Sprinting with SPEN

This week I spent a day in Atlanta ‘sprinting’ to create practice problems with the Signal Processing Education Network (SPEN). SPEN is an NSF funded project bringing together five universities to create a broad teaching network and body of open educational resources (OER) for teaching and learning signal processing at the undergraduate level.


 
Sprint goals: Creating practice problems: The SPEN network is enhancing existing open materials and creating new open textbook teaching materials integrated with interactive simulations and a rich body of homework, test, and practice problems. This sprint brought together 33 people (faculty and graduate students) to create practice problems and upload them to two different question and answer databases. Each question ended up in both banks. One of the banks, Quadbase, is an open question bank that anyone can add questions to, and anyone can take questions from. The question bank can be used for interactive tutoring systems that pull targeted practice questions to help students learn and retain knowledge, for teachers building homework sets, and for learners looking for practice problems. The second question bank is Georgia Tech’s Intelligent Tutoring System that is both a question bank and a tutoring system that Georgia Tech faculty and students use in their undergraduate signal processing classes.

This sprint was the first time SPEN got together for a day of group content creation. The sprint ran incredibly smoothly and the result was 160+ new questions for the databases. 

The procedure:

  • Prep: Participants bring existing materials: Before the sprint, organizers requested that participants bring any homework and problem sets that they already use.
  • Instructions: Sprint organizers created a set of instructions with question topic prompts and sample questions for several different types of questions (multiple choice, matching, free response).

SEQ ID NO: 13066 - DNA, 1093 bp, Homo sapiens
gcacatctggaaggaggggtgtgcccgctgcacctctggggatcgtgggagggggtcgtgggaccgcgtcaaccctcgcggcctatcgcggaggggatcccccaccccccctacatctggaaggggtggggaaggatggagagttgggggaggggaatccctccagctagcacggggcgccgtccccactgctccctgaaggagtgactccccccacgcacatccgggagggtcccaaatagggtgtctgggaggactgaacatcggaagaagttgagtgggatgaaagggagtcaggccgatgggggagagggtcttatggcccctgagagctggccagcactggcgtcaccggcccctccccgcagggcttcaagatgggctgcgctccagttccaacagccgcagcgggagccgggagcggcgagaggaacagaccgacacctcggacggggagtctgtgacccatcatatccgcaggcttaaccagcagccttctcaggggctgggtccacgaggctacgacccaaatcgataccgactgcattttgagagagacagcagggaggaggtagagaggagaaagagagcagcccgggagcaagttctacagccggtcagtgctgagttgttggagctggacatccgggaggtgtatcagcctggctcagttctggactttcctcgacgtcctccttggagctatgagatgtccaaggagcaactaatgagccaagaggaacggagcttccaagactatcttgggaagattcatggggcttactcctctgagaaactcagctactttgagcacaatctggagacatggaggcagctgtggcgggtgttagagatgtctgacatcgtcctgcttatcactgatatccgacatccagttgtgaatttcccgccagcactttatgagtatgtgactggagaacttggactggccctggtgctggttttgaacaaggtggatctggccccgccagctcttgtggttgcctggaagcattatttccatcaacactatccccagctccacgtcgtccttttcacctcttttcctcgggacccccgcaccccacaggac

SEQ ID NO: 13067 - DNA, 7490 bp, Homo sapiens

• Groups: The organizers put people in groups of 3 – 5 at round tables and gave each group a set of topics and a shared Google Doc to work together in. The Google Doc had question samples that could be copied and pasted to create new questions. Math was entered in TeX math which most of the participants already know and use fluently. It is a dense notation that can be converted to attractive equations.
  • Creation: Groups worked for 2 hours creating questions.
  • Signaling completion: When a question was finsished, someone would highlight it in green.
  • Uploading to the question banks: A separate group of four people spent the whole day watching for the green highlighting and then copying the questions into the two different question banks. It was labor-intensive, but meant that every question could end up in both banks despite each bank having slightly different formats. It also meant that participants didn’t have to learn new tools.
  • Review: Then groups reviewed the questions for 1 hour. Two groups merged to do the review (thus making groups of 6 to 10 for the review. They would edit the questions to improve them.
  • Repeat: The whole process was repeated in the afternoon.

My observations

  • Pre-workshop prep not done. Very few participants brought existing materials. So it looks like it is important that success not require preparation.
  • Paper collaboration: Groups collaborated on creating questions by drawing on paper and talking about them. They did not collaborate directly in the Google Docs. Individuals would write up entire questions in the doc and then highlight them green to signal the uploaders.
  • Review by reading and solving: To review the questions, recall that two groups would merge or swap. So groups 1 and 2 would review together. Group 2 would review group 1′s questions and perhaps ask some questions about the intention for each question. Then group 2 would actually solve all of group 1′s questions. And of course group 1 would be doing the same with group 2′s questions.
  • Review resulted in considerable change: The review process resulted in substantial revision of the questions. Revisions occurred for clarity, correctness (after solving), and also for transcription errors as the questions got put into the question banks.
  • Pedagogy benefits: In addition to the creation of a large body of questions that are now globally available and shareable, the process itself was valuable as participants discussed and reviewed and improved the questions. Thus the time that participants donated to the sharing process was also valuable pedagogically.

Sprint artifacts

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